Lathe Gouge Sharpening

It seems that Norm's gouges are essentially flat across the end as opposed to rounded which seems to be the way new gouges are supplied. I'm curious as to which shape is best for what type of turning.
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On Mar 8, 11:43 am, snipped-for-privacy@hotmail.com wrote:

The flat type are used more for roughing out. The rounded better know ar a finger nail gound are better for spindle work. And the flat end skew is used for final shaping. Randy http://nokeswoodworks.com
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Square peel better, pointed poke better. Depends on what you're doing. If you're going across the grain at a steep angle, poke; at a shallow angle, peel. Norm's doing spindles, so he should be peeling, though for reasons known only to himself, he stuffs the nose into the piece rather than doing it as others do.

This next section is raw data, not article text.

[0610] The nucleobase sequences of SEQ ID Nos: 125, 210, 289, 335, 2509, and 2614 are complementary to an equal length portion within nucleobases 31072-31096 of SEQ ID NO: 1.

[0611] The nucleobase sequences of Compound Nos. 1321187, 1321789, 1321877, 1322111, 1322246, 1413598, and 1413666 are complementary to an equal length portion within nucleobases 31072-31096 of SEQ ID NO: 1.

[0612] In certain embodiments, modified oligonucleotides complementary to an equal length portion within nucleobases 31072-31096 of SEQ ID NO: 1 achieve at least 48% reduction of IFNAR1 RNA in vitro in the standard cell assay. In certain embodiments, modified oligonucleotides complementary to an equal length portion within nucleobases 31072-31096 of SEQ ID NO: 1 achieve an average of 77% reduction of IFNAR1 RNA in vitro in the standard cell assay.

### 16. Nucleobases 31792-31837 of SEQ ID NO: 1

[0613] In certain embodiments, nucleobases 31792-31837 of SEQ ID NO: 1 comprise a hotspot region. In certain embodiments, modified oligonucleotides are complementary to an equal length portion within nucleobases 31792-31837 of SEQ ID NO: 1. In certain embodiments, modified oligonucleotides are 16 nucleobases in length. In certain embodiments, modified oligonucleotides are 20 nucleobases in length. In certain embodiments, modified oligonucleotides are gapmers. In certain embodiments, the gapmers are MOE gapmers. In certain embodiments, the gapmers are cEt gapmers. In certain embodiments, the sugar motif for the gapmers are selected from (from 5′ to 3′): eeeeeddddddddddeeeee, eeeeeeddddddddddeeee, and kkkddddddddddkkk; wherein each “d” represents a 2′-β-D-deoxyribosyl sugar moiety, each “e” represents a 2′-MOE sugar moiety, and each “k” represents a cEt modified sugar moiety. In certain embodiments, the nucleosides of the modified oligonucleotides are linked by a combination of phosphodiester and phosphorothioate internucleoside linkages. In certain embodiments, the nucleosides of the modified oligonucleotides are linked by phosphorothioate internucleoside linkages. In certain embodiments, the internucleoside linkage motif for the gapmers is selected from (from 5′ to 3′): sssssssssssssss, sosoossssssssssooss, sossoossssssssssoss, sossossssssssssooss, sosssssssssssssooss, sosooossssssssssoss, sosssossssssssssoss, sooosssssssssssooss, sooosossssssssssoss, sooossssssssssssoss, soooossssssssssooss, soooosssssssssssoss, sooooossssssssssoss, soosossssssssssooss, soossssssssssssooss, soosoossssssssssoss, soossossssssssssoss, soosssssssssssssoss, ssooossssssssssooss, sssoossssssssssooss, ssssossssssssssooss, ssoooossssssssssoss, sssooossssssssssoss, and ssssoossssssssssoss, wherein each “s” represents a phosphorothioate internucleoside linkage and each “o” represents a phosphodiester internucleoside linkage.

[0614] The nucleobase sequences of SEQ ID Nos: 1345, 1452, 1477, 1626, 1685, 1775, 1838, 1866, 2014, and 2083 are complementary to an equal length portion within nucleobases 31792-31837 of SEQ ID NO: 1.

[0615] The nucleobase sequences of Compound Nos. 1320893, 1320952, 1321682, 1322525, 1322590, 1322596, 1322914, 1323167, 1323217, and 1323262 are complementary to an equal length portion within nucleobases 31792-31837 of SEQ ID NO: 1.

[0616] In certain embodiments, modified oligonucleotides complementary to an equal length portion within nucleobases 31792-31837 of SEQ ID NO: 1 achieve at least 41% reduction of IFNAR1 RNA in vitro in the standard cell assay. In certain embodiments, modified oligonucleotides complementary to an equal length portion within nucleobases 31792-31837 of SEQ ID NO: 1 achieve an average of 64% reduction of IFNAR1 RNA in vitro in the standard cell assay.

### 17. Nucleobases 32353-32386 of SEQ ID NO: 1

This guy is somewhere in between on the gouge.
http://www.youtube.com/watch?v=cuGMZ3SBlYs

http://www.youtube.com/watch?v=cQTo1pAIpQ4

He could also be peeling like he does here.
http://www.youtube.com/watch?v=cQTo1pAIpQ4

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On Sat, 08 Mar 2008 12:43:17 -0500, snipped-for-privacy@hotmail.com wrote:

Most gouges are shipped "unshaped' so you can decide how you want to grind it... (finger nail, swept wing, Irish Grind, etc...
Also, you might be talking roughing gouges, spindle gouges or bowl gouges, which all have different shapes/grinds for different purposes... Sort of like different shape carving chisels for different jobs.. A grind that works well for smoothing large areas of a rolling pin might get you in big trouble if you try to hollow a bowl or cut a bead with it..
Check out rec.crafts.woodturning great group of folks and very helpful
mac
Please remove splinters before emailing
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